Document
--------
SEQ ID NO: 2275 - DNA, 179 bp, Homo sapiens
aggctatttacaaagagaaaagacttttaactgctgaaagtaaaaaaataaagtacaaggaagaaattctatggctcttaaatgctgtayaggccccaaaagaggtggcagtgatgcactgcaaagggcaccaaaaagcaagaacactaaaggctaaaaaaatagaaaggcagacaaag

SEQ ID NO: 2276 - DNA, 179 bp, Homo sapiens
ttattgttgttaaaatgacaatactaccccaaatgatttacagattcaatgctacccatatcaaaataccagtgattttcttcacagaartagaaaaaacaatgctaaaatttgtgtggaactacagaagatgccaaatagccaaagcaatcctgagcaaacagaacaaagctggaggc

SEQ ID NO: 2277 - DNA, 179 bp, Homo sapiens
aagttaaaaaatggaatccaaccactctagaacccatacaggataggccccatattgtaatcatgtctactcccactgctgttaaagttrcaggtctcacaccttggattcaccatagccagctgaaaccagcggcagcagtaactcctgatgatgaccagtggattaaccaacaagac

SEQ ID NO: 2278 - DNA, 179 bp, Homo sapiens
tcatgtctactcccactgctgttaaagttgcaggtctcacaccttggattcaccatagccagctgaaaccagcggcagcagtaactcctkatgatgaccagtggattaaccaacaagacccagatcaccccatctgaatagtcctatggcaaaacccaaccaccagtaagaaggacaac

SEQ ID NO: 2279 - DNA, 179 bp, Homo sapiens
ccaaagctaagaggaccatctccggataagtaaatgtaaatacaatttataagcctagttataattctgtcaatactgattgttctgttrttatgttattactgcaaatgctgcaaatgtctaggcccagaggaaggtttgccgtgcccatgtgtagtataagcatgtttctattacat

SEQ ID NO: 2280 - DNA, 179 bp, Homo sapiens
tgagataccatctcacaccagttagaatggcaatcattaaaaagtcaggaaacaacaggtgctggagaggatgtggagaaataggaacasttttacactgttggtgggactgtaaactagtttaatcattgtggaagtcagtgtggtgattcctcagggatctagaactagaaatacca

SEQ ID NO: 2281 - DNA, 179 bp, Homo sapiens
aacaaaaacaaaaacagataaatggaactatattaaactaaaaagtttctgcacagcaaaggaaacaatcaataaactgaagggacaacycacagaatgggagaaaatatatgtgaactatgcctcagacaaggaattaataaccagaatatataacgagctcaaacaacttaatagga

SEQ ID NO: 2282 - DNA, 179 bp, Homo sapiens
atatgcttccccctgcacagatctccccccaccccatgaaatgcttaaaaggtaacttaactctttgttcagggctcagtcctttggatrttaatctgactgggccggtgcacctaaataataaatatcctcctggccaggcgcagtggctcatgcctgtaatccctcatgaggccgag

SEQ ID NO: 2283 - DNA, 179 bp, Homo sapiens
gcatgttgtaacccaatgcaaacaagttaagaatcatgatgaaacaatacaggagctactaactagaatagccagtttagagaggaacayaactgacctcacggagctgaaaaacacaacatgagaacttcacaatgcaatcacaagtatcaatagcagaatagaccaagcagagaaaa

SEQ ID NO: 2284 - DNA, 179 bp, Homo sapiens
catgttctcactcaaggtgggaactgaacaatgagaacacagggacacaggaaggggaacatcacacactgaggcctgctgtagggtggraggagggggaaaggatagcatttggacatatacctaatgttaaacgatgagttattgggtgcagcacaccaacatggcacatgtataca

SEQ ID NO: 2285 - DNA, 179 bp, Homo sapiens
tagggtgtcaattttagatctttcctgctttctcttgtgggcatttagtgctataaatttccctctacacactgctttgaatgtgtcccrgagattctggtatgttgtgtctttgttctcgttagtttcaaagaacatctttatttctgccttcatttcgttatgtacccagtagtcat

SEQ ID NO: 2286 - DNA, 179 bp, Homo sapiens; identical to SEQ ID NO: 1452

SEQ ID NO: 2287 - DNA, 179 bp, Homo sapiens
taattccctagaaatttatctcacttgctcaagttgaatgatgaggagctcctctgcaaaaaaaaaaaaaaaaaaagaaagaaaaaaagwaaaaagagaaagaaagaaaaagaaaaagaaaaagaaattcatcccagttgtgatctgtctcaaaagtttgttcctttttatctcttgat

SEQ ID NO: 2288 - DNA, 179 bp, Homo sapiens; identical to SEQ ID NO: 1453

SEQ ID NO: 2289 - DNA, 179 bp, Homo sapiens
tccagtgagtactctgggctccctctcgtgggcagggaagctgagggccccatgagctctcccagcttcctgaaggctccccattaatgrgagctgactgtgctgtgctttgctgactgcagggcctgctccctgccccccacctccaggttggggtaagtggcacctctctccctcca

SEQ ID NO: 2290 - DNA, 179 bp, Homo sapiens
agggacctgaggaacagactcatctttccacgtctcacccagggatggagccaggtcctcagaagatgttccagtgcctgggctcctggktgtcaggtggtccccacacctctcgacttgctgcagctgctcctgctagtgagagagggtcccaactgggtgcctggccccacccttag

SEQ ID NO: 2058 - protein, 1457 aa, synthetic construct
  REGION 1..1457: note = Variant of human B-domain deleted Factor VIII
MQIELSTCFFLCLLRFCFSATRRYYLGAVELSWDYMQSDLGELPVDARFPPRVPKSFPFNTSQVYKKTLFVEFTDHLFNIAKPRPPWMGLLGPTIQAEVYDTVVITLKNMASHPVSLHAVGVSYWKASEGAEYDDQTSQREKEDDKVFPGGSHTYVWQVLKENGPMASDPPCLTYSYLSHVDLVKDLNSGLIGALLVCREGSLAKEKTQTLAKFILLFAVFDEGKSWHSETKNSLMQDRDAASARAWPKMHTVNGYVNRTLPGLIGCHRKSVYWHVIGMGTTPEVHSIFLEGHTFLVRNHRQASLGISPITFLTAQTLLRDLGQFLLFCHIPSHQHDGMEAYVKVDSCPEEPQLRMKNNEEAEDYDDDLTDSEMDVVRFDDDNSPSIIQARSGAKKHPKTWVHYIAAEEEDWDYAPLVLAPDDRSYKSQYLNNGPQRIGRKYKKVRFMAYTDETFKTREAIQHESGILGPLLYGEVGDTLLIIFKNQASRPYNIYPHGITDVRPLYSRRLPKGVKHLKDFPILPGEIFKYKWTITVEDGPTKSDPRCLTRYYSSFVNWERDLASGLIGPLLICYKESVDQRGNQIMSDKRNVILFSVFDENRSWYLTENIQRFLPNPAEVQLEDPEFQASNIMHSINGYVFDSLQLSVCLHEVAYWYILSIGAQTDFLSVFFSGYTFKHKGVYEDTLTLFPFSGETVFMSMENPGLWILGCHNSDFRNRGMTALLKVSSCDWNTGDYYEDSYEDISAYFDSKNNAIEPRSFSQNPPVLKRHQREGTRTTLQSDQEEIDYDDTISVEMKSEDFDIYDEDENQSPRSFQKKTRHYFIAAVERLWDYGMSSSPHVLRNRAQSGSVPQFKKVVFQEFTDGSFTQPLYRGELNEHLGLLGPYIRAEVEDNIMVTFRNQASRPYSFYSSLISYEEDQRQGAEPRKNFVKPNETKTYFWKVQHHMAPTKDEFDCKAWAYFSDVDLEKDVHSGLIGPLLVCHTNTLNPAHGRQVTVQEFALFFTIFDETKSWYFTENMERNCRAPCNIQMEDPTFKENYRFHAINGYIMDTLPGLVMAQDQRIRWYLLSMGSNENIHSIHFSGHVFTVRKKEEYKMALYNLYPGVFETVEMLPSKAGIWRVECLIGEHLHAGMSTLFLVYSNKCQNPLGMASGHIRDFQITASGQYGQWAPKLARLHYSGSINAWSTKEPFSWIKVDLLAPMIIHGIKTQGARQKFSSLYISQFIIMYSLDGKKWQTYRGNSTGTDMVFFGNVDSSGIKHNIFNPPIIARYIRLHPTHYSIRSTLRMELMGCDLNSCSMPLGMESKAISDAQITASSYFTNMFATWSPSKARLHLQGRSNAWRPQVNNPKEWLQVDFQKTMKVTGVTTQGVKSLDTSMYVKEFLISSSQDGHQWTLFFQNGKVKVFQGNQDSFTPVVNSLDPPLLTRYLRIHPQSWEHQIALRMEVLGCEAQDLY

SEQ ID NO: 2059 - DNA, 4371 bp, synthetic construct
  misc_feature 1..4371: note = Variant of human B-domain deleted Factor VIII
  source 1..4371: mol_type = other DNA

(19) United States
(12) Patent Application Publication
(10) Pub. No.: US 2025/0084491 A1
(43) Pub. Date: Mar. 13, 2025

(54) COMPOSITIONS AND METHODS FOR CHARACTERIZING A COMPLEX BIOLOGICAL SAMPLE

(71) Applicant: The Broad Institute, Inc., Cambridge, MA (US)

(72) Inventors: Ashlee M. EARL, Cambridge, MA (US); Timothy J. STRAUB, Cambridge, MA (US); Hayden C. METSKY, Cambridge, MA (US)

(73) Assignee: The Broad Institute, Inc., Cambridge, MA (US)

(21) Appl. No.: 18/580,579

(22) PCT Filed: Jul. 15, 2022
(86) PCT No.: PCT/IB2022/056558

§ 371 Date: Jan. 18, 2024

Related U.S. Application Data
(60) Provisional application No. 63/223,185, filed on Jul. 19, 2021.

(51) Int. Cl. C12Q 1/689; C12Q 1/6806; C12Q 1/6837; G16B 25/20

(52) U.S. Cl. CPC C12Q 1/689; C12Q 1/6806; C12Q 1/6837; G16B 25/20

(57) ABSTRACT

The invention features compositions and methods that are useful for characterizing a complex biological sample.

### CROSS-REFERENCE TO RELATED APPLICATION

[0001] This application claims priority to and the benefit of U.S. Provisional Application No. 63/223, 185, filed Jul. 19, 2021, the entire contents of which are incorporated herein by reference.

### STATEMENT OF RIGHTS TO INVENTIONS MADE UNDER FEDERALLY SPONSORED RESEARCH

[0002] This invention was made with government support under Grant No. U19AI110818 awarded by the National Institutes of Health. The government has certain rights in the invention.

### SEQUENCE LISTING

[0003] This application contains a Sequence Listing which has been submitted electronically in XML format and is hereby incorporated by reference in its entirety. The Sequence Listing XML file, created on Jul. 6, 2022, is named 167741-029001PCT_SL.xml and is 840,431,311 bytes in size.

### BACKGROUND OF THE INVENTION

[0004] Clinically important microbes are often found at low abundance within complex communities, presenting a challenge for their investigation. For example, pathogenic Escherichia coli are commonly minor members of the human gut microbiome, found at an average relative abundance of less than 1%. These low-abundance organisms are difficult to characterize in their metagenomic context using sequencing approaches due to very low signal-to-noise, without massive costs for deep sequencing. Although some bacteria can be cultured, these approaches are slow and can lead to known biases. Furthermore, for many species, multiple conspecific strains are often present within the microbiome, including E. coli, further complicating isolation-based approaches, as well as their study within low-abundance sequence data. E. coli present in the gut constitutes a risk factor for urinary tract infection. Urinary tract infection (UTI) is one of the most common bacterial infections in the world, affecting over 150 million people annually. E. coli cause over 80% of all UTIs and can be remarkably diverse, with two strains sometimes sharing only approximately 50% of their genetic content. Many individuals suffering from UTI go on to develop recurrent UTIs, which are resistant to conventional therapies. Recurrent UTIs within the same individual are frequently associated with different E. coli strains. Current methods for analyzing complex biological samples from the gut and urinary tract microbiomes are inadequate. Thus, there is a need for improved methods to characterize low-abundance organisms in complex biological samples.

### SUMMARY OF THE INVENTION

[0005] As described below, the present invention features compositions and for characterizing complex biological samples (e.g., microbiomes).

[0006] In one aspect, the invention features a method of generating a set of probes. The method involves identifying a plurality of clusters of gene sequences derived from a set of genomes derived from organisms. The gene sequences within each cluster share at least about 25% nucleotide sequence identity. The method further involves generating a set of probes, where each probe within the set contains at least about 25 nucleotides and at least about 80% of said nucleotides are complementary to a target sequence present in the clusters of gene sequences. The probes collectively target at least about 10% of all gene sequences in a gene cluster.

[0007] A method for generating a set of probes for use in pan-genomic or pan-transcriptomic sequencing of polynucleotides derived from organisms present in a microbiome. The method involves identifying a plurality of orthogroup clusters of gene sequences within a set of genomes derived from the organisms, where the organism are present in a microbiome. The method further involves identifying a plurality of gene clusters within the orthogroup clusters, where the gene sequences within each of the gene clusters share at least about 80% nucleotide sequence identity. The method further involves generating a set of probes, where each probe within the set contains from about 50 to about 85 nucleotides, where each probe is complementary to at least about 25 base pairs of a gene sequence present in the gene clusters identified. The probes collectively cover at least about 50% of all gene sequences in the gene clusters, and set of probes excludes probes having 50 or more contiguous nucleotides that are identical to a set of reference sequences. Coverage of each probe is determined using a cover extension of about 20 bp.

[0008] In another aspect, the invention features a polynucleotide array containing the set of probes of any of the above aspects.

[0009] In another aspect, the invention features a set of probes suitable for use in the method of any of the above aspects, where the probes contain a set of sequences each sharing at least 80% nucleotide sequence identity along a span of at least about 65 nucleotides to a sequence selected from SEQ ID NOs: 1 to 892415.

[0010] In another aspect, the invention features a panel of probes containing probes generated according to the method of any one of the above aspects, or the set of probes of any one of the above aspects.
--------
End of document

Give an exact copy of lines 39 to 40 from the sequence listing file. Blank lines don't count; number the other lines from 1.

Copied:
(10) Pub. No.: US 2025/0084491 A1
(43) Pub. Date: Mar. 13, 2025